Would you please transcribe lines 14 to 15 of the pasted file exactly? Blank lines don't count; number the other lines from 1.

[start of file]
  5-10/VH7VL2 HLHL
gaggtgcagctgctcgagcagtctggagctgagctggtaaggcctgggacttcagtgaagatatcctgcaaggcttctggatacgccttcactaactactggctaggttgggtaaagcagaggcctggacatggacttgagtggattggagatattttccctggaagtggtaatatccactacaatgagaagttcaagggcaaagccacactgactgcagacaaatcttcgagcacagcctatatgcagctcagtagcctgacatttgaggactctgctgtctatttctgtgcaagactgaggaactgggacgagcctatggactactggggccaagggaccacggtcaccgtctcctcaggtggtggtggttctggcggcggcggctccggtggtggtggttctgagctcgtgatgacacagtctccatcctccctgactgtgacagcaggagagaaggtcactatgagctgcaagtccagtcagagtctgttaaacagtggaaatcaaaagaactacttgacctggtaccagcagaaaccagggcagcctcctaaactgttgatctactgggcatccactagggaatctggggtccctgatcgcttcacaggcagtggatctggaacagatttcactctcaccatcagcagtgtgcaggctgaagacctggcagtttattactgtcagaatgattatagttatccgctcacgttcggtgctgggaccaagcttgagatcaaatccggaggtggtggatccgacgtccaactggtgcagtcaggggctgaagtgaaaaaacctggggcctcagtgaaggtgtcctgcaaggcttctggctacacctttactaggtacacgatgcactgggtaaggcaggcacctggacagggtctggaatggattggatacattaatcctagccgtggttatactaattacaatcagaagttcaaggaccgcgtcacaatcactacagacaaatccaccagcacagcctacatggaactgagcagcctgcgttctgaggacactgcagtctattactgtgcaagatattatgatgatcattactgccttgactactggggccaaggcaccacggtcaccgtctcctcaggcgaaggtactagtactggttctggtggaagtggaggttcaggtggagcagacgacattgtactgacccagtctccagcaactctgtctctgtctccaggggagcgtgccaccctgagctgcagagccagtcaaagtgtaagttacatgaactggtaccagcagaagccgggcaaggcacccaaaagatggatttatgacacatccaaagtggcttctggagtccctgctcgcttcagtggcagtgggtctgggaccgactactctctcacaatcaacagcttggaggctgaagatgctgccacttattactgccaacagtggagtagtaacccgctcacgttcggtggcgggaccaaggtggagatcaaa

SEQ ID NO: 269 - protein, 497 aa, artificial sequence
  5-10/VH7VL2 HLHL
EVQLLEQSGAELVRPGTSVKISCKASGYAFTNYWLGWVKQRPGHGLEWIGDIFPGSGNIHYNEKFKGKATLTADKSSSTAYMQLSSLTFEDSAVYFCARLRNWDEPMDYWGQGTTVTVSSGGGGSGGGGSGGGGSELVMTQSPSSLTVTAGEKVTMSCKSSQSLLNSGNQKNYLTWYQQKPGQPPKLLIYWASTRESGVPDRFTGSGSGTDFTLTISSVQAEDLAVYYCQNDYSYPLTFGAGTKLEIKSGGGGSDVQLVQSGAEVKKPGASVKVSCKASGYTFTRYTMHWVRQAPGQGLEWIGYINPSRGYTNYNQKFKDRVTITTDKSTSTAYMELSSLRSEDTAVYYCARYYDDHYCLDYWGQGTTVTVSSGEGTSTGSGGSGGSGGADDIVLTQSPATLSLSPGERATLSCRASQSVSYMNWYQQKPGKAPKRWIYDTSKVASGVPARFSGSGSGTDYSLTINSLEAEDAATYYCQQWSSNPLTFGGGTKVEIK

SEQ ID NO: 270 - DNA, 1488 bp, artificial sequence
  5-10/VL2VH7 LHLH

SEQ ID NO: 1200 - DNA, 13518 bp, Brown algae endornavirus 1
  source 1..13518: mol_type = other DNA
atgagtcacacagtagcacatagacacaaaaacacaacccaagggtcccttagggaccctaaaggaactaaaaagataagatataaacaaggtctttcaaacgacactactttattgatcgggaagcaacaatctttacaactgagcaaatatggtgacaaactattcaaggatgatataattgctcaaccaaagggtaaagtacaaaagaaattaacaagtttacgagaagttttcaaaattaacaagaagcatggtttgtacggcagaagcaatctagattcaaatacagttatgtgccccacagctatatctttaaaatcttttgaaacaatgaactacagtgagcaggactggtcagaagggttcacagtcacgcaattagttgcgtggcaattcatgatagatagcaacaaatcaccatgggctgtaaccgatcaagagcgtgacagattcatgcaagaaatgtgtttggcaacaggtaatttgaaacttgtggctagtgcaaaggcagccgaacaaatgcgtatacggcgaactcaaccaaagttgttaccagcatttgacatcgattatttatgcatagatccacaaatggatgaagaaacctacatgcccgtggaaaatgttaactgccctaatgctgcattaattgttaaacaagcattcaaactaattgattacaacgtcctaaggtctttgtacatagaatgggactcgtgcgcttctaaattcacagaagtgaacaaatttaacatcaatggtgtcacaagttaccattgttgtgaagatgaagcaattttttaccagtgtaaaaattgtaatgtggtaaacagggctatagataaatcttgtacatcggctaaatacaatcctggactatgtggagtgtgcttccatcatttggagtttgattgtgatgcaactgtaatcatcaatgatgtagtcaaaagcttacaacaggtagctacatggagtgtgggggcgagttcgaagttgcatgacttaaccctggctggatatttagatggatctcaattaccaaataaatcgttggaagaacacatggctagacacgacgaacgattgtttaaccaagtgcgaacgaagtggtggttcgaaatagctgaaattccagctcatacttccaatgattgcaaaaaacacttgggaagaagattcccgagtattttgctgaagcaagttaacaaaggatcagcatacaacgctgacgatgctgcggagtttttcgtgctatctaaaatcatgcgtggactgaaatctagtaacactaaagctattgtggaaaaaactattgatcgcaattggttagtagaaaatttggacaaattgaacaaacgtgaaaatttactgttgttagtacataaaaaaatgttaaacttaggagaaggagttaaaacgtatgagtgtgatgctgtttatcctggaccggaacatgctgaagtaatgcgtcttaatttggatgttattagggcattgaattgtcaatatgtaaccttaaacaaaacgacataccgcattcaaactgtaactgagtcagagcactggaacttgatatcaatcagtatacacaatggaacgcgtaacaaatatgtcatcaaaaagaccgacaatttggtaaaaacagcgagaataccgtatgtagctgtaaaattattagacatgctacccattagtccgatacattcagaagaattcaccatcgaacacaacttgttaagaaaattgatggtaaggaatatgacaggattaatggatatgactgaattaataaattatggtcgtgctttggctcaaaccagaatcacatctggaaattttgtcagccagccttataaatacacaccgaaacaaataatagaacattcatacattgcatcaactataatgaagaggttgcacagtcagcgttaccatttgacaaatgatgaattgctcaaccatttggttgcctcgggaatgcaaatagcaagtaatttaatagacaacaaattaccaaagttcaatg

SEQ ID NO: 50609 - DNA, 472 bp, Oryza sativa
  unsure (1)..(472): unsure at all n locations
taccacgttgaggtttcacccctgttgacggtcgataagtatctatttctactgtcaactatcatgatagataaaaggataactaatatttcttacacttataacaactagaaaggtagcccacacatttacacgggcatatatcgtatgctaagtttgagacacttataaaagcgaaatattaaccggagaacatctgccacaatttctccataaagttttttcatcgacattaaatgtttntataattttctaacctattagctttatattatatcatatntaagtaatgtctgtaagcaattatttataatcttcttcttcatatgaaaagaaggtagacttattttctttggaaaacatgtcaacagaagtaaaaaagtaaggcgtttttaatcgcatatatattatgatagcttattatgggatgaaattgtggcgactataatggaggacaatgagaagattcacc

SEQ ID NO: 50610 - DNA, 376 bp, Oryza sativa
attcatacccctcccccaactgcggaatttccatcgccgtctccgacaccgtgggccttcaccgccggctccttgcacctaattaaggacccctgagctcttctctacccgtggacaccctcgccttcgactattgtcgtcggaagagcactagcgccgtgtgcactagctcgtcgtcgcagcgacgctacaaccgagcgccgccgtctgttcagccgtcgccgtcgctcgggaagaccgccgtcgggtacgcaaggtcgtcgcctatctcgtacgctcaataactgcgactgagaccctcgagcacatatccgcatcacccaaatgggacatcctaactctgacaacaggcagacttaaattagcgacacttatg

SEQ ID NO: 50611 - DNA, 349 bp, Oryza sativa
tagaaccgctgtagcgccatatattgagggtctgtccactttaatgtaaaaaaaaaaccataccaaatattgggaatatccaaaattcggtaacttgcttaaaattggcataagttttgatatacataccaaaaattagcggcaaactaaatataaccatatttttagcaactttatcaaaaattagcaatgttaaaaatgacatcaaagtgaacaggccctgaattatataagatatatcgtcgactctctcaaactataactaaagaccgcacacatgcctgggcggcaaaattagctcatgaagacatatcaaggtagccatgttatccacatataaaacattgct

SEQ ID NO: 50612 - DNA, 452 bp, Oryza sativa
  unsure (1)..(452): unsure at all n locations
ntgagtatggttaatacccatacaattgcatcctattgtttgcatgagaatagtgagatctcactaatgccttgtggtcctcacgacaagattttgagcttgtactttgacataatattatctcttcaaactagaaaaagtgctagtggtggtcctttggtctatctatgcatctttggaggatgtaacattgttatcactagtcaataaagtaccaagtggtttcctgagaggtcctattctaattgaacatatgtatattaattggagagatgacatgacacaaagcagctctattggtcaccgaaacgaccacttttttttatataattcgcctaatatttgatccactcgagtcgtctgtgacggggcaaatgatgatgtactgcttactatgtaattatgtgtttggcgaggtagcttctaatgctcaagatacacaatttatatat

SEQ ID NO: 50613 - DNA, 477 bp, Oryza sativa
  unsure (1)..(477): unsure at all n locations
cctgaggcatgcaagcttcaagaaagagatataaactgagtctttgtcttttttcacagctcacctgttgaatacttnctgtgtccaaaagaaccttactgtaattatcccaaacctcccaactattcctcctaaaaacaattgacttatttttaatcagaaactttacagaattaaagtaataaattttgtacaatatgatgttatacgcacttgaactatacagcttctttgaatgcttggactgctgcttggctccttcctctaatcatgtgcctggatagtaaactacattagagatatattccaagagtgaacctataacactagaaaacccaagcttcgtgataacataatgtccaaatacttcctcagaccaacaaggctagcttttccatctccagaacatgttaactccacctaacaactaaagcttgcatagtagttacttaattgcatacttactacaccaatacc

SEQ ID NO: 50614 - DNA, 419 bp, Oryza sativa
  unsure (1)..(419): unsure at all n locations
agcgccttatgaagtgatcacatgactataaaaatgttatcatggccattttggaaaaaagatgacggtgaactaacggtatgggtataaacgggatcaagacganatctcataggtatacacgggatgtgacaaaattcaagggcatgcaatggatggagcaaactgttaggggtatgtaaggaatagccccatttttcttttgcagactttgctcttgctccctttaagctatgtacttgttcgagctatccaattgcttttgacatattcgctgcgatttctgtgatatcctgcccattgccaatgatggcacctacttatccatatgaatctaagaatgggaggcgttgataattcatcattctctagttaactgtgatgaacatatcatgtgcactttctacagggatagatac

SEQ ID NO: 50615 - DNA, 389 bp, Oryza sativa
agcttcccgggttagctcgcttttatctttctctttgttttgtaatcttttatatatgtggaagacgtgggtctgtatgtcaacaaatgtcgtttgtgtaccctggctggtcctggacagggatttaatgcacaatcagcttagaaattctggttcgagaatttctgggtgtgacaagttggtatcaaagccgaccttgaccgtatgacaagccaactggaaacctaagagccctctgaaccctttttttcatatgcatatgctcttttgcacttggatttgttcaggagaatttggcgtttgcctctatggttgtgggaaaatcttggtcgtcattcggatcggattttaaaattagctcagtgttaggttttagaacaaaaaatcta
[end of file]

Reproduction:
SEQ ID NO: 50610 - DNA, 376 bp, Oryza sativa
attcatacccctcccccaactgcggaatttccatcgccgtctccgacaccgtgggccttcaccgccggctccttgcacctaattaaggacccctgagctcttctctacccgtggacaccctcgccttcgactattgtcgtcggaagagcactagcgccgtgtgcactagctcgtcgtcgcagcgacgctacaaccgagcgccgccgtctgttcagccgtcgccgtcgctcgggaagaccgccgtcgggtacgcaaggtcgtcgcctatctcgtacgctcaataactgcgactgagaccctcgagcacatatccgcatcacccaaatgggacatcctaactctgacaacaggcagacttaaattagcgacacttatg